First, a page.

A few weeks ago I wrote a post about the Waddell brothers – George Malcolm and Maurice “Jack” Waddell- – in the 2nd Light horse in WW1. There are 2 updates to this post that I wanted to share.
Firstly, on the same day, a local Kin Kin resident Nick Thompson published a profile of George M Waddell (and Jack) in WW1 on his Anzac 2021 edition of his “Kinections” newsletter. Its quite a coincidence to have 2 stories about the same ANZAC published on the same day. You can read it here; https://mailchi.mp/6c25890c642d/death-of-a-kin-kin-soldier?e=467a78359a
Nick has been able to explain a lot more of the military background of the 2nd Lighthorse regiment, and his journalism experience shows through in his article. Its definitely worth a read.
Secondly, I found this photo in the Qld State Library of the Gympie new recruits in August 1914. The official caption says “An officer and recent recruits taken shortly after the outbreak of World War I (August 1914). The setting is in the grounds of the Drill Hall (which can be seen in the background), Duke St., Gympie. The officer, middle row, centre, is Allan Nash. He was the son of James Nash, who first discovered gold at what later became Gympie, on the 16th October 1867. Allan Nash was a teacher at the Two Mile School, Gympie, and was killed at Gallipoli on the 29th June 1915, having gained the rank of Major and been awarded the Military Cross. (Description supplied with photograph). Some men are dressed in uniform whilst others are still wearing civilian clothing.”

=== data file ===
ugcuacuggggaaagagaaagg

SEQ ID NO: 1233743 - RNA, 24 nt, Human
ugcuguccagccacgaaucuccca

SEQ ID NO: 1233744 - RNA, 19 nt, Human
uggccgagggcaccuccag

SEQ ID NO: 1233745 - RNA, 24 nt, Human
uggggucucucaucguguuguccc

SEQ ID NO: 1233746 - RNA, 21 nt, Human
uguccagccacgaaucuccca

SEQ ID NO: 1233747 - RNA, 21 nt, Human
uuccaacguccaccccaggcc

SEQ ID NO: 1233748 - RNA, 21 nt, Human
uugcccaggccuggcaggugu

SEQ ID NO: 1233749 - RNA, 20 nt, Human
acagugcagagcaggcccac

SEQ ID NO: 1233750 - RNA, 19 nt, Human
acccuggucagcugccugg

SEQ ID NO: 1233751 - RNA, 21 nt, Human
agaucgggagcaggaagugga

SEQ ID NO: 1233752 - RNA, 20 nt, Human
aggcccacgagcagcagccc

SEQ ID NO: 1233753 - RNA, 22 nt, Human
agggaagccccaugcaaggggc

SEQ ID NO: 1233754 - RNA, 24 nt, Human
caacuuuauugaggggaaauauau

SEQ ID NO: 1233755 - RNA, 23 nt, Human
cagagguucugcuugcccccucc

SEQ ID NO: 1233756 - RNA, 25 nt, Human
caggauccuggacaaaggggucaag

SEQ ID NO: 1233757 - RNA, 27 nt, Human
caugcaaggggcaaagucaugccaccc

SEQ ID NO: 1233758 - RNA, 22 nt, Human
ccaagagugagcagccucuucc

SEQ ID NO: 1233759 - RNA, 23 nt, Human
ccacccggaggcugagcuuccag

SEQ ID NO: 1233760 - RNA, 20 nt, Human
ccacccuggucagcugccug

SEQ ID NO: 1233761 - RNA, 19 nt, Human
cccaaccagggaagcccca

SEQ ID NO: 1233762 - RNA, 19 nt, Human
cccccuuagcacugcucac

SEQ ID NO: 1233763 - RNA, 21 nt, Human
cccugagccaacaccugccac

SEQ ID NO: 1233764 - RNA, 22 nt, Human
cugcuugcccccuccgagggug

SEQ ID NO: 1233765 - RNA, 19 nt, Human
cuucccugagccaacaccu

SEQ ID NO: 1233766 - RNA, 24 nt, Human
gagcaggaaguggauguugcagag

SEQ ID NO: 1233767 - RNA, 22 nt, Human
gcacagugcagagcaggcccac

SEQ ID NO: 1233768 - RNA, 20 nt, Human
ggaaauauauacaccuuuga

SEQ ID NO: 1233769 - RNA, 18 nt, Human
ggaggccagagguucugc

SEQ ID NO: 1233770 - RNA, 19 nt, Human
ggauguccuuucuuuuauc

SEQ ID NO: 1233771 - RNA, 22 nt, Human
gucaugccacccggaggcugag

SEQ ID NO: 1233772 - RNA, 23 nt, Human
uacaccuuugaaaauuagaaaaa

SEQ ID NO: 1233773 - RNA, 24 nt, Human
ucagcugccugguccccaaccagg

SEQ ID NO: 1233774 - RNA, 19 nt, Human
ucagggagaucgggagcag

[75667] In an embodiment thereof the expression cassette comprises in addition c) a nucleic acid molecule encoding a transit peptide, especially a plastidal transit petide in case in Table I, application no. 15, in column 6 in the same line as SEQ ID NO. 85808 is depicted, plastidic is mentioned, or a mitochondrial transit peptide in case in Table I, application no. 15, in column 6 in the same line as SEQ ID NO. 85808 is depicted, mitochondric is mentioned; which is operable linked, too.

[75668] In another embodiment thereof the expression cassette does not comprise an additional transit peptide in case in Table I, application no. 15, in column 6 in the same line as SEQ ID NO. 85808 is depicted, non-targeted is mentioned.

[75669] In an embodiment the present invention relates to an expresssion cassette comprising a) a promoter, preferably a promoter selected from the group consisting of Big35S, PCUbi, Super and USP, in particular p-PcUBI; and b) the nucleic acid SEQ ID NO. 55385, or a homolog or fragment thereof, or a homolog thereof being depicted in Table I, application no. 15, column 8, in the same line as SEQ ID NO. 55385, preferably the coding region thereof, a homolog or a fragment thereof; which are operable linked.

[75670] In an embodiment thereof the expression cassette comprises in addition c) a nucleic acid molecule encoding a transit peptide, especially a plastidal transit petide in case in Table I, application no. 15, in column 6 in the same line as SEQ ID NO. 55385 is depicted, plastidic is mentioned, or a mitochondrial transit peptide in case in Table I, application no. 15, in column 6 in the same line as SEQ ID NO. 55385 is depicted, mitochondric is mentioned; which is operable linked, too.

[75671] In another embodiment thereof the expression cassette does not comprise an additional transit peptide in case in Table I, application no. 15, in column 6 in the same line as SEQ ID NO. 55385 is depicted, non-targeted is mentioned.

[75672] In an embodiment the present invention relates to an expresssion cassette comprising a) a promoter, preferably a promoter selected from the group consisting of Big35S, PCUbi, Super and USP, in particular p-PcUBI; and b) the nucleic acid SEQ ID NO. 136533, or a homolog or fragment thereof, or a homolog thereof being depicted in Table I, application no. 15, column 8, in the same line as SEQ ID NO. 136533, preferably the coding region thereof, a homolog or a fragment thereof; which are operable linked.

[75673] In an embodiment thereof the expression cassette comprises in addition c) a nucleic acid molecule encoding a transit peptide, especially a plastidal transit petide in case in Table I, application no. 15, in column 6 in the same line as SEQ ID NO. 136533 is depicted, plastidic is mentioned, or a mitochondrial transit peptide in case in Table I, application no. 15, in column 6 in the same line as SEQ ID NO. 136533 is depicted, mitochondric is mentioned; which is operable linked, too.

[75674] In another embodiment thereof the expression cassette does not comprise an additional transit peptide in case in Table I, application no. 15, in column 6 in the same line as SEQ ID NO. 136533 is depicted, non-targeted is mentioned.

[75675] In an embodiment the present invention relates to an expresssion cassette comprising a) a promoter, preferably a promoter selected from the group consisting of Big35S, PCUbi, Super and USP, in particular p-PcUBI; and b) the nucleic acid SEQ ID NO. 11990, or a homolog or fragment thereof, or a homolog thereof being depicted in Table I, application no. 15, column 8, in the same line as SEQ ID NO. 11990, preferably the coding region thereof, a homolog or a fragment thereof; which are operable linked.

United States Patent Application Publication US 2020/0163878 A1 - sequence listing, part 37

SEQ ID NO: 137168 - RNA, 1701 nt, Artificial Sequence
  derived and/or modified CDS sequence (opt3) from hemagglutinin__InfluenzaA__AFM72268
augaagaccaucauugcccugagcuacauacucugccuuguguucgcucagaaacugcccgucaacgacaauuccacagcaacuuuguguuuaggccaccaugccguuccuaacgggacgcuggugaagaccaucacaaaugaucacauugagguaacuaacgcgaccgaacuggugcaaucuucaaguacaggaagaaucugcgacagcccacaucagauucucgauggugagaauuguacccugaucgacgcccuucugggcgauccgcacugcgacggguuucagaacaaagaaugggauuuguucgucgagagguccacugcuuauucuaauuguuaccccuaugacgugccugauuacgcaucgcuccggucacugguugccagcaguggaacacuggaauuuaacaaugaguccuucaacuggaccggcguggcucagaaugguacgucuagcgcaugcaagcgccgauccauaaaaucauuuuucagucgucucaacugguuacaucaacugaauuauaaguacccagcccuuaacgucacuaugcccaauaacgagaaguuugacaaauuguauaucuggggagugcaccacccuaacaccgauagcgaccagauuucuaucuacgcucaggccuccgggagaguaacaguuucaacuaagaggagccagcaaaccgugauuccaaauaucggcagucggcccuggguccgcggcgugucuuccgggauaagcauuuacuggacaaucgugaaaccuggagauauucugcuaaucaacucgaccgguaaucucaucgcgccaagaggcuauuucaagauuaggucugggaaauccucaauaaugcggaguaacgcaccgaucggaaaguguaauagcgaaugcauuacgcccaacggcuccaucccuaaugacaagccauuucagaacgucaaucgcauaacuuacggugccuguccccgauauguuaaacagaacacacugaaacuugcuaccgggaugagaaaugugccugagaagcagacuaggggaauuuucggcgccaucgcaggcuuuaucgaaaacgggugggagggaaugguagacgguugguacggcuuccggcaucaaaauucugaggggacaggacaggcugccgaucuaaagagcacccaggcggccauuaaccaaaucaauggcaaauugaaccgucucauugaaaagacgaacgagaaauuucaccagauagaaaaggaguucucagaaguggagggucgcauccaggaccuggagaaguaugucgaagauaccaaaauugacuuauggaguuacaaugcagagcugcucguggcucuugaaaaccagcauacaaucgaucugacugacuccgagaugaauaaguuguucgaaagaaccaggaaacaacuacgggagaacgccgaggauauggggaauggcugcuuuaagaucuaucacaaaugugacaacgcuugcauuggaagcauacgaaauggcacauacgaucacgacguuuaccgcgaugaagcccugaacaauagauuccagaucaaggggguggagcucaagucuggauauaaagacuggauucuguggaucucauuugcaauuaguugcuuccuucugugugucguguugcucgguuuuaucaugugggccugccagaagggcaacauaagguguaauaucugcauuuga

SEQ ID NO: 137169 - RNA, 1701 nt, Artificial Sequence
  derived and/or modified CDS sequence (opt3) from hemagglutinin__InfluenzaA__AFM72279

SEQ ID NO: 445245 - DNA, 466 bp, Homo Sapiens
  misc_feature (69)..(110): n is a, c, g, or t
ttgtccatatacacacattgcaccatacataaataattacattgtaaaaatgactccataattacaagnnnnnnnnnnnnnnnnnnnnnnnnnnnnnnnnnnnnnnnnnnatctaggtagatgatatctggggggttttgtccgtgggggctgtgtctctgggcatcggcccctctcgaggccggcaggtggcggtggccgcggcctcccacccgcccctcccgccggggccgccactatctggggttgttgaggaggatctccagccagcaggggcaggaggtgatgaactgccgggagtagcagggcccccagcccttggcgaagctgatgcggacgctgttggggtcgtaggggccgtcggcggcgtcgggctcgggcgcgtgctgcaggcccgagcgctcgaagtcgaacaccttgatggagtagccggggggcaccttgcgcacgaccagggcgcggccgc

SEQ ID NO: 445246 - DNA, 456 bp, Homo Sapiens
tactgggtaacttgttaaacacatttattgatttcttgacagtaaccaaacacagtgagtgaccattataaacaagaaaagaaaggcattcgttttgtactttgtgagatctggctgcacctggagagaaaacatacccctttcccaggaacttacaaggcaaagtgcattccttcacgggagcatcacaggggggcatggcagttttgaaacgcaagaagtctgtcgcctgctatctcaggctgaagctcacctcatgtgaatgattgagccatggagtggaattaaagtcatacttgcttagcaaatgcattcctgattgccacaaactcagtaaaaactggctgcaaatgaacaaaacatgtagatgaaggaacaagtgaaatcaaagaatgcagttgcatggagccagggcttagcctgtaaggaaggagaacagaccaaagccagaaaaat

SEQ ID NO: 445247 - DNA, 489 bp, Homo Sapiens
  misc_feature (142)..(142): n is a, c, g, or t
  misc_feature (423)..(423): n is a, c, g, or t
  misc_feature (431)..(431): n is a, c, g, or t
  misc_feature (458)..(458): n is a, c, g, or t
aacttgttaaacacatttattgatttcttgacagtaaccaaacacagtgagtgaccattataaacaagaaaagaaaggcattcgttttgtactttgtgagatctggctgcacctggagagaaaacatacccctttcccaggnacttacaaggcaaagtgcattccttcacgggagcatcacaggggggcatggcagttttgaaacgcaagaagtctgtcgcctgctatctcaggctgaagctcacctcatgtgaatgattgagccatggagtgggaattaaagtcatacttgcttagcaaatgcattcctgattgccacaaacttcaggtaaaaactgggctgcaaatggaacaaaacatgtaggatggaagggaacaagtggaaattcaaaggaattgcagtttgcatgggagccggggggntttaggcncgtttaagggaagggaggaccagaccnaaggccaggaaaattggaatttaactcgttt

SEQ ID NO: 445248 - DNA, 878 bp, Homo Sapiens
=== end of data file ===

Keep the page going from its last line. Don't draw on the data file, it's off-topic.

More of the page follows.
I had seen this photo before, but the new recruits arent named individually apart from Allan Nash (officer in the middle with the big moustache and bars on his collar), who also used to be the Head Teacher at the Two Mile School, and would have known the whole Waddell family.
We know George and Jack Waddell were in the cadets from an early age, and knew Allan Nash from school. We also know George M Waddell enrolled as soon as he could in August 1914 in Gympie, and so there is a strong possibility he is in this photo taken in Aug 1914. The photo features recruits in uniform and in civilian clothes, and I would guess George already owned his own uniform. My best guess based on comparing the closeup photo of George around the time of enlistment with this photo is that George would be the one on the right end of the middle row – to the left (as we look at the photo) of the guy with the pocket-watch on his waistcoat.
Let me know if you know where George is in this photo or if you have a different theory of who he might be? You can comment below or email me at karenhapgood at gmail dot com.